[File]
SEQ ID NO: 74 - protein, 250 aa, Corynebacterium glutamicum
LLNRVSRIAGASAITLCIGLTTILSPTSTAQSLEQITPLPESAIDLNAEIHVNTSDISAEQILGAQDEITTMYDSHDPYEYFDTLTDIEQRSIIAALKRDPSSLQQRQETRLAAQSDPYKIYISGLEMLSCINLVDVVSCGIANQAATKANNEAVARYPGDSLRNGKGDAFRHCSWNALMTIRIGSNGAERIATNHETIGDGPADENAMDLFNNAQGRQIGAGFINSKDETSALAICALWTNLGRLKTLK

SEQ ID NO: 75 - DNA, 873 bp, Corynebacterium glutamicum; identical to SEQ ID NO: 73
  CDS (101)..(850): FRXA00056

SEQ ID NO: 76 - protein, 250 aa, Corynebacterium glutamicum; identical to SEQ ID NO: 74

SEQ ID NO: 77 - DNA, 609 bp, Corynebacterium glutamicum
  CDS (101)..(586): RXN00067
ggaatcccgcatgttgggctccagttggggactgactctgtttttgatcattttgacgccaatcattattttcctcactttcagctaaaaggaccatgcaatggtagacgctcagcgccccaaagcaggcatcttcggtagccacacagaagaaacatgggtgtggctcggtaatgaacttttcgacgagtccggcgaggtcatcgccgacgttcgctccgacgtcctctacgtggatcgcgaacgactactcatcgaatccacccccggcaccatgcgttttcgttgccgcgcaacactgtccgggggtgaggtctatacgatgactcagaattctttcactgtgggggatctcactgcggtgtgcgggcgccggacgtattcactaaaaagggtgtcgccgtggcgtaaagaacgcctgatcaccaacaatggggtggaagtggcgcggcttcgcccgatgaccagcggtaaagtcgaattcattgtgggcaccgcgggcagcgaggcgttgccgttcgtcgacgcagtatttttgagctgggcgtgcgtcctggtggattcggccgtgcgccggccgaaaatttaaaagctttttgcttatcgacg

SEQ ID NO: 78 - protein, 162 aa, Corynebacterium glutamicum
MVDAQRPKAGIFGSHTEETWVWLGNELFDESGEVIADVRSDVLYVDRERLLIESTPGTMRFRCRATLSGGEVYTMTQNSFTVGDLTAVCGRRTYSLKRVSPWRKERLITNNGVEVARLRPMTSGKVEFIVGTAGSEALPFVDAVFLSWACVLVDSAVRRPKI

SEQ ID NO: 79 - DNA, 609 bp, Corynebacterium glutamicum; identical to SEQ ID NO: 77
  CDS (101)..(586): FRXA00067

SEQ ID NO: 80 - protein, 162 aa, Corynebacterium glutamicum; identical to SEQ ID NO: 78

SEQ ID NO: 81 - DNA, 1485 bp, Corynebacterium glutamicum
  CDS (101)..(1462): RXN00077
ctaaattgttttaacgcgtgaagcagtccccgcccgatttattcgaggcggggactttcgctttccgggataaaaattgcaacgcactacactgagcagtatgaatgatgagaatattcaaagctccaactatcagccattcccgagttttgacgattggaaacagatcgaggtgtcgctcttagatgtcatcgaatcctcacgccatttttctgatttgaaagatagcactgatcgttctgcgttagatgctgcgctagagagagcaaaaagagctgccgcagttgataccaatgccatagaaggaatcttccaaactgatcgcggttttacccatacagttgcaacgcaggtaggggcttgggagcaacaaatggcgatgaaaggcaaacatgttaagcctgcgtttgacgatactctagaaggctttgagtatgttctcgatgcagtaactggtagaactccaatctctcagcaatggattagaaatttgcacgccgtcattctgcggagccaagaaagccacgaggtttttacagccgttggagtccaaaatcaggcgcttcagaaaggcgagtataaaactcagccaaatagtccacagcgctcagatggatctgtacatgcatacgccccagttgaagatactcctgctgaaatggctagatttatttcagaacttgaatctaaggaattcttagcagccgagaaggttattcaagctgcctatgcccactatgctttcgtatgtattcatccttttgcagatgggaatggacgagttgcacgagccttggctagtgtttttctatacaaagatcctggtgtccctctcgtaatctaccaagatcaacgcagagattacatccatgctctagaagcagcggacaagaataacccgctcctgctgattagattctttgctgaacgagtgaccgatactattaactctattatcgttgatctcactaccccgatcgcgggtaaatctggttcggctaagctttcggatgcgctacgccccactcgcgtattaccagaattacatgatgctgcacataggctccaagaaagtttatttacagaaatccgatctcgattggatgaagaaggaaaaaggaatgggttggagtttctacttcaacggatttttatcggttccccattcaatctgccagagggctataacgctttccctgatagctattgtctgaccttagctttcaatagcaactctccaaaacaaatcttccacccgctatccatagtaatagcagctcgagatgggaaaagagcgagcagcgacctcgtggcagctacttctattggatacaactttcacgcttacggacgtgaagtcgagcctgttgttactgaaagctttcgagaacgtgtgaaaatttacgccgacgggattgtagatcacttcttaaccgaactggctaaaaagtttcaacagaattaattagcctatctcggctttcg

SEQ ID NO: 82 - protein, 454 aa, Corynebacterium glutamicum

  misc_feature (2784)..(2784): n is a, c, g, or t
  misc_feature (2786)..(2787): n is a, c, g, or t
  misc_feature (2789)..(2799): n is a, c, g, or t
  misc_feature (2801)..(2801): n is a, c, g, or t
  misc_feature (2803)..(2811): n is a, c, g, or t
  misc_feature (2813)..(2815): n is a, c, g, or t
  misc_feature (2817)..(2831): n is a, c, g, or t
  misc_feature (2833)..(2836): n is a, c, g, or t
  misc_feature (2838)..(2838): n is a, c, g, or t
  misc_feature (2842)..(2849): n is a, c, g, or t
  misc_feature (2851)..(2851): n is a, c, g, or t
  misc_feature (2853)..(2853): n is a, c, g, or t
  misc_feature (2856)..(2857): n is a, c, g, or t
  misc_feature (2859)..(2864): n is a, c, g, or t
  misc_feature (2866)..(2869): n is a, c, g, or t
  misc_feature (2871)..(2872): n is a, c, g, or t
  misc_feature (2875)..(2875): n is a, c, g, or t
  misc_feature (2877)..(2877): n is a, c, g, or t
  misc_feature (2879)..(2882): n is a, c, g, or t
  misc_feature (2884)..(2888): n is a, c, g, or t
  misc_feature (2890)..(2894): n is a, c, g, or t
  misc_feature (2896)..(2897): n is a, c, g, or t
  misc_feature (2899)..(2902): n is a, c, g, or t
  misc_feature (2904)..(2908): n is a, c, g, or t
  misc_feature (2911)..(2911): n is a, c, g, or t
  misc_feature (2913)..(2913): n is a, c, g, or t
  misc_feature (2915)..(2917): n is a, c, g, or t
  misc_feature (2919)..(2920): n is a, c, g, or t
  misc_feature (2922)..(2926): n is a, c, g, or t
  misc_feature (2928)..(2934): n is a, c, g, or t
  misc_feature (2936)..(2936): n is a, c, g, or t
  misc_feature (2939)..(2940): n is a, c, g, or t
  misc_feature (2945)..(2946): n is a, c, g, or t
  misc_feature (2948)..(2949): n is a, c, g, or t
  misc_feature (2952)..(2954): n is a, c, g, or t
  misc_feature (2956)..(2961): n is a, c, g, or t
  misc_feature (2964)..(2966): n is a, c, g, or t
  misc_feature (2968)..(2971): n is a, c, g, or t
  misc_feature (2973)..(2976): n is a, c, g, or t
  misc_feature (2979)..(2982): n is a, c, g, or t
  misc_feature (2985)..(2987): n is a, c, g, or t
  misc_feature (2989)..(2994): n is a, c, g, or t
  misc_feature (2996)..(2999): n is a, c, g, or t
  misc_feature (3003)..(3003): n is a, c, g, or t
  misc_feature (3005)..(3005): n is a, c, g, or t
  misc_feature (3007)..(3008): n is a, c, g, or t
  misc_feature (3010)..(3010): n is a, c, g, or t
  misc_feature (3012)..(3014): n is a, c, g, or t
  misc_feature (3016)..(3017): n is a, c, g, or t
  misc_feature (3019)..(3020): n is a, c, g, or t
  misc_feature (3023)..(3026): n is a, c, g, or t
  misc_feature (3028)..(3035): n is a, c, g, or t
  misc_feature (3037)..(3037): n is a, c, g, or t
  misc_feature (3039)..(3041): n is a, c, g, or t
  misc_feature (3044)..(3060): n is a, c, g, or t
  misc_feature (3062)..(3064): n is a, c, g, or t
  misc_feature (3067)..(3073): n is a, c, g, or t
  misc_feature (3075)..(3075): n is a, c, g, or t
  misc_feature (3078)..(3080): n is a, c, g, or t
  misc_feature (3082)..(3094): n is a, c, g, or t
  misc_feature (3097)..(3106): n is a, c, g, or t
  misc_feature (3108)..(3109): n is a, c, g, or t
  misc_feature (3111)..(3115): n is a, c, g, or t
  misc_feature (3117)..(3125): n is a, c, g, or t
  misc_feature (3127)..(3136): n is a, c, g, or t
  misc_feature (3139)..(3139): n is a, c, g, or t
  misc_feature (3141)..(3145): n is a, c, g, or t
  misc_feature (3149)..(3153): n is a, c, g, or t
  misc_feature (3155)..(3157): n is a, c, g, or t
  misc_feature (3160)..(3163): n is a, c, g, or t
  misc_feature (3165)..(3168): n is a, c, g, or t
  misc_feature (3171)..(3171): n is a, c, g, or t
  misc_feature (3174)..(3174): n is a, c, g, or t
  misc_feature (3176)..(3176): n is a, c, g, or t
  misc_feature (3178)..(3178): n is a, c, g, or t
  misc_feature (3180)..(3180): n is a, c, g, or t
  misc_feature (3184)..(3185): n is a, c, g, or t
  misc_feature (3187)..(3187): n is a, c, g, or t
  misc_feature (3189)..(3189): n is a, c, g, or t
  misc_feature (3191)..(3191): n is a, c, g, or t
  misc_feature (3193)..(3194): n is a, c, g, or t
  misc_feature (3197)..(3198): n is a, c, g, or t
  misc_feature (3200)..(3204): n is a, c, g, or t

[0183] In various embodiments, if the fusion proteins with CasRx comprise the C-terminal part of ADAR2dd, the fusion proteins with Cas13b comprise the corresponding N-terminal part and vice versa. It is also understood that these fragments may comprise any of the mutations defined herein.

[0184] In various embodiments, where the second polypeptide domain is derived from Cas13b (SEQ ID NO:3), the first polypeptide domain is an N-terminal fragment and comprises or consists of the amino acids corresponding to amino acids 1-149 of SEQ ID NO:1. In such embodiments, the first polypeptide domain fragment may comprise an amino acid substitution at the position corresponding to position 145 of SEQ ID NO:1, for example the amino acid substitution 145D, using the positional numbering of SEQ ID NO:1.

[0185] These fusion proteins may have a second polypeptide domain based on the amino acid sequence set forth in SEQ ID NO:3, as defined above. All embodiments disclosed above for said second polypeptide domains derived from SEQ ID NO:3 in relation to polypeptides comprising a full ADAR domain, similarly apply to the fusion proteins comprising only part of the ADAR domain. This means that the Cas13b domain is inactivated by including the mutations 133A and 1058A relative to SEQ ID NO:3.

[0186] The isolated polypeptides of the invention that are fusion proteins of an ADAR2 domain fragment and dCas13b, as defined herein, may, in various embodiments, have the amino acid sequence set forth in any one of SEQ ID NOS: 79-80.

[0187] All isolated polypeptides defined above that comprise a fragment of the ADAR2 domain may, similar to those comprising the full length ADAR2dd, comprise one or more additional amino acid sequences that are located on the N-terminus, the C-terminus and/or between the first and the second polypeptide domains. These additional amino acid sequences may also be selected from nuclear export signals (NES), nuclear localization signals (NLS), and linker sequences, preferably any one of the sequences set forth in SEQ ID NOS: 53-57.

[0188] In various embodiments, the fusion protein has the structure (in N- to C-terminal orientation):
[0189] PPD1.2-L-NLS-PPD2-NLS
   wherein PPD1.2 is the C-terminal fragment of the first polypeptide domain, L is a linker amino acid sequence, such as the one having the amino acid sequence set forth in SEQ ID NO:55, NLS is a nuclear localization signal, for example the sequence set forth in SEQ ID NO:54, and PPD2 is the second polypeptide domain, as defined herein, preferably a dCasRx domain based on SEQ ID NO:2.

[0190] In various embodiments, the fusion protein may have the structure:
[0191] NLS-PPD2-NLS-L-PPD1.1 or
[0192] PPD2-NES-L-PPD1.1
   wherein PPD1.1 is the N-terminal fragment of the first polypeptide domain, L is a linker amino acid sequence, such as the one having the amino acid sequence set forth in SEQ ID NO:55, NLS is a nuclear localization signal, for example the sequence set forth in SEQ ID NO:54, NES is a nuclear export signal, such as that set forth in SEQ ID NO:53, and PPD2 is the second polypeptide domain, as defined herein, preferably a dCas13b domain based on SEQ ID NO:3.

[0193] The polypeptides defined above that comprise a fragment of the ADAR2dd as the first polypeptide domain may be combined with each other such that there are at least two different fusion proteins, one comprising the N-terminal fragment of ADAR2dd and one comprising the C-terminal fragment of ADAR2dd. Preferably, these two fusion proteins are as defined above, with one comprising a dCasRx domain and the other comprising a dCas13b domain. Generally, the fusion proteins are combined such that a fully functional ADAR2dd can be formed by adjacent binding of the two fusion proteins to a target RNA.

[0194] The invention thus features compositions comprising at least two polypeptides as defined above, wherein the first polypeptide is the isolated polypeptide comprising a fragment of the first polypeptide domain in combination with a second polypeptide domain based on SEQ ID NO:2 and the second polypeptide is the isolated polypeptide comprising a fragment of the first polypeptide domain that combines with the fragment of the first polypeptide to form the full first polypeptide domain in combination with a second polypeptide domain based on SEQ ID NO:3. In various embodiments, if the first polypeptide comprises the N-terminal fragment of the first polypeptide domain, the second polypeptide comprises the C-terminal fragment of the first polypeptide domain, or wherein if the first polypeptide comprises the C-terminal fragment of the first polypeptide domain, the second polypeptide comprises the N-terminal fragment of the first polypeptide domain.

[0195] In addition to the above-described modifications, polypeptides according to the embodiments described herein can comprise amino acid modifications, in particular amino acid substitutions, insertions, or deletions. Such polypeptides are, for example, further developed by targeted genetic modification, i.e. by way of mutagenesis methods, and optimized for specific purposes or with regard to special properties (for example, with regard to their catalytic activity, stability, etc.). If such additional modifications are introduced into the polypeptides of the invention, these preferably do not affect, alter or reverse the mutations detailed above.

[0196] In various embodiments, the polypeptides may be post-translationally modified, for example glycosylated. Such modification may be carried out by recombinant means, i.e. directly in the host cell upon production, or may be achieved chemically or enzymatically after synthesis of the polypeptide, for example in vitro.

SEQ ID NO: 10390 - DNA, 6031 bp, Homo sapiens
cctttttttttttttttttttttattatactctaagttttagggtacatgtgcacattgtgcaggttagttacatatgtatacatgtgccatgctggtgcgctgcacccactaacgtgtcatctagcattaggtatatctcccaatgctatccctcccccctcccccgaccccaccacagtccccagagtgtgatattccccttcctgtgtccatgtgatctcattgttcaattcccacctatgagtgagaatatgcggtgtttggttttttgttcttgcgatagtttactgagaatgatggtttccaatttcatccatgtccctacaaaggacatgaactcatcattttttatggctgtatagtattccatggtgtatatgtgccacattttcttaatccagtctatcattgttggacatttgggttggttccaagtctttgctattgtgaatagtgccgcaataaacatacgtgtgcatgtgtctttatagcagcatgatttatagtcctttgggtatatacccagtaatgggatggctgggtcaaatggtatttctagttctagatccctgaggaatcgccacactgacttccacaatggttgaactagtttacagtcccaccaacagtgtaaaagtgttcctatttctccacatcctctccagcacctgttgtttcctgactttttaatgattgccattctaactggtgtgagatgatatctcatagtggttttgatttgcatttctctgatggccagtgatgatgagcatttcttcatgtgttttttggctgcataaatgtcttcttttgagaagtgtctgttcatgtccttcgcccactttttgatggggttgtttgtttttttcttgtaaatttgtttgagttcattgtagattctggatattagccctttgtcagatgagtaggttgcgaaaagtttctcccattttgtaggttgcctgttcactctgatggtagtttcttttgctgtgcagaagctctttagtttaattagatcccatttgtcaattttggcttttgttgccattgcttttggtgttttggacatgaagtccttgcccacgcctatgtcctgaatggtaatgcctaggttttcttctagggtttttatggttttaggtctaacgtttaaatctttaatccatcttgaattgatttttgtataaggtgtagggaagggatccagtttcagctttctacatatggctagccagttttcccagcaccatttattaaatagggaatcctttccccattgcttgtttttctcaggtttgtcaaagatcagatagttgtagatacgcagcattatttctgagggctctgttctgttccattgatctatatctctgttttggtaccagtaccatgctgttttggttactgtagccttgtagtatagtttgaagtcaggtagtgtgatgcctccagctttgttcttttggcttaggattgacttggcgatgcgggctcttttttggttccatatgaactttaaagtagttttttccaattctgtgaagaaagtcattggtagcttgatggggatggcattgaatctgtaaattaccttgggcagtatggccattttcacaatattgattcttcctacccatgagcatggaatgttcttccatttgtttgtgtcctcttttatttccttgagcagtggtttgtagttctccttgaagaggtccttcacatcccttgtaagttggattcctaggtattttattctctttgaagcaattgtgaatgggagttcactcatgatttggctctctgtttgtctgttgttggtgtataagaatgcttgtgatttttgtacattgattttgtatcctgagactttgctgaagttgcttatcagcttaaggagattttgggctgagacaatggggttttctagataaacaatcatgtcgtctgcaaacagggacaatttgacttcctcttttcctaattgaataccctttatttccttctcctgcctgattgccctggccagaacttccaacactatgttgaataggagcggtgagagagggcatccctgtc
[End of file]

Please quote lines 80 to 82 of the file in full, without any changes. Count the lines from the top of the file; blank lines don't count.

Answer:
  misc_feature (3111)..(3115): n is a, c, g, or t
  misc_feature (3117)..(3125): n is a, c, g, or t
  misc_feature (3127)..(3136): n is a, c, g, or t